The Allegheny Front Rewind: New Focus for Wildlife Conservation

Winged, web footed or woolly, wildlife in Pennsylvania is all around us. But the species living here are shifting. And so is the conversation about how to preserve and protect them. This week on The Allegheny Front Rewind, Kara Holsopple looks at those changes.

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OPEN: †Winged, web footed or woolly, wildlife in Pennsylvania is all around us. †But the species living here are shifting. †And so is the conversation about how to preserve and protect them. †This week on The Allegheny Front Rewind, Kara Holsopple looks at those changes.

TAGUE: †A few years ago I came upon a young duck that was stranded upon some rocks near the Carnegie Science Center. The duckling was only a wad of fluff, and no larger than a tennis ball. †It's slow peeping caught my attention. †There were no other ducks in sight, and this tiny thing could never survive on it's own.

HOLSOPPLE: †That was naturalist Chuck Tague, recorded for The Allegheny Front ten years ago. He and many others over the years, have proven that you don't have to go far, even in the city of Pittsburgh, to interact with wildlife.

But our attention to cute balls of fluff and larger, visually appealing animals-- or to put it in conservation lingo - charismatic megafauna --got the goat of another Allegheny Front guest in 1995. †Charles Bier of the Western Pennsylvania Conservancy was on the show to talk about the comeback of Peregrine falcons. †But he suggested we should also be talking about less sexy animals:

BIER: These are the things that are usually smaller. They don't have the big brown eyes. They're not feathery and furry. †Many of them are green small plants - mosses, fungi, and also a whole realm of organism that we loosely refer to as invertebrates. †But really, there insects and mollusk, and many of the small animals that are really driving ecosystems out there on the landscape. We're not really paying much attention to that right now.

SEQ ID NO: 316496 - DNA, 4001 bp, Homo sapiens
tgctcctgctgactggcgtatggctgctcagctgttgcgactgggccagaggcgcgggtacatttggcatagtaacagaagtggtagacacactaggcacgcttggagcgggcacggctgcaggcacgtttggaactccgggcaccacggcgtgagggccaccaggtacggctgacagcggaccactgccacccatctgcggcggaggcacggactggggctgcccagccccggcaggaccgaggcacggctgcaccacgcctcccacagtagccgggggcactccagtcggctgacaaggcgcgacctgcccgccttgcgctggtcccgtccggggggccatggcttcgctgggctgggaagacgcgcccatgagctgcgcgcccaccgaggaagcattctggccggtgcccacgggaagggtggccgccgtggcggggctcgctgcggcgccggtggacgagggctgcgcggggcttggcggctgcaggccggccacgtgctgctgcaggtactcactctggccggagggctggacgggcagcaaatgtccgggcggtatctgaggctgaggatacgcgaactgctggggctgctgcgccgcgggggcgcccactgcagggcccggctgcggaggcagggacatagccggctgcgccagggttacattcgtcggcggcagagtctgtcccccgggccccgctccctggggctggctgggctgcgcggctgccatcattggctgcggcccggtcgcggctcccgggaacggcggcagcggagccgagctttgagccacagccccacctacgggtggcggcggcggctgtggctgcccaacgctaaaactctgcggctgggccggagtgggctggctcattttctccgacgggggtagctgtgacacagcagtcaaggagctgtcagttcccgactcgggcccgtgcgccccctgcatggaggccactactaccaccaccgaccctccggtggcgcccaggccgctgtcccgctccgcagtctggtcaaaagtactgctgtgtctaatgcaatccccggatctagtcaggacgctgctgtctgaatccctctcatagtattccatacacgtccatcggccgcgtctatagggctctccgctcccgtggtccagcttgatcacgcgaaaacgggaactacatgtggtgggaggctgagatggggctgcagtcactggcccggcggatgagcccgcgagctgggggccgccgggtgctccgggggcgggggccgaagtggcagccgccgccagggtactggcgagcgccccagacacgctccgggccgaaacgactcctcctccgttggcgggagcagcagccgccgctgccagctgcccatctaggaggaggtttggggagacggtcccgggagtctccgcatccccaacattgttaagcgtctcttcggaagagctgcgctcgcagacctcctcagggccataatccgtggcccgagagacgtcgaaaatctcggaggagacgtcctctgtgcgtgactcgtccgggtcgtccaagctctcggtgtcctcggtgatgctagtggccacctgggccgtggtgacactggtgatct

HOLSOPPLE: †According to Greg Czarnecki, executive director of the Pennsylvania Wild Resource Conservation Program, †that's exactly what they're paying attention to now. †Not the individual species themselves--adorable or otherwise--but the ecosystem as a whole. †

Why? †Two words that donít give anyone a warm, fuzzy feeling--climate change. Czarnecki says it's no longer enough to preserve and restore land so that species thrive. †He says, the landscape is evolving differently, and so are the animals. And it's just starting to be noticed in Pennsylvania:

CZARNECKI: Bob Curry, a professor at Villanova, is documenting is the encroachment of a southern species on Pennsylvania, the Carolina Chickadee which is moving to the north and beginning to displace and hybridize with the Black Cap Chickadee, which is the species here.

HOLSOPPLE: Those Carolina Chickadees are moving their way north more than a half a mile a year, and our warmer temperatures are making them feel right at home. †Czarnecki says Pennsylvania will be working with neighboring states more than ever, monitoring these changes and ferreting out their implications for the ecosystem and for us.

He says education will also be important. †But for a population that's pretty disconnected from their environment, that could be a bit of a bear--climate change isn't well understood. †And it doesn't necessarily leave its paw print on our imaginations like animals do.

CZARNECKI: ††As we look at climate change, we need to focus more on ecosystems rather than species, I think thatís going to be even more of a challenge because it's harder for people to identify with ecosystems.

HOLSOPPLE: †He says climate change may have to get more dramatic before residents notice. †And THAT may make it more difficult to fund studies for Pennsylvania's non-game animals and their habitats. †Thatís because the wildlife conservation program relies heavily on public donations and the sale of state wildlife conservation license plates--the ones with the cute river otter on them. †Charismatic megafauna, anyone?

For The Allegheny Front Rewind, I'm Kara Holsopple

OUTRO: †To hear Chuck Tague's full 2001 account of his encounter with the duckling and his advice for handling--or not handling-- young wildlife, mentioned in this story, check out our website, www.alleghenyfront.org.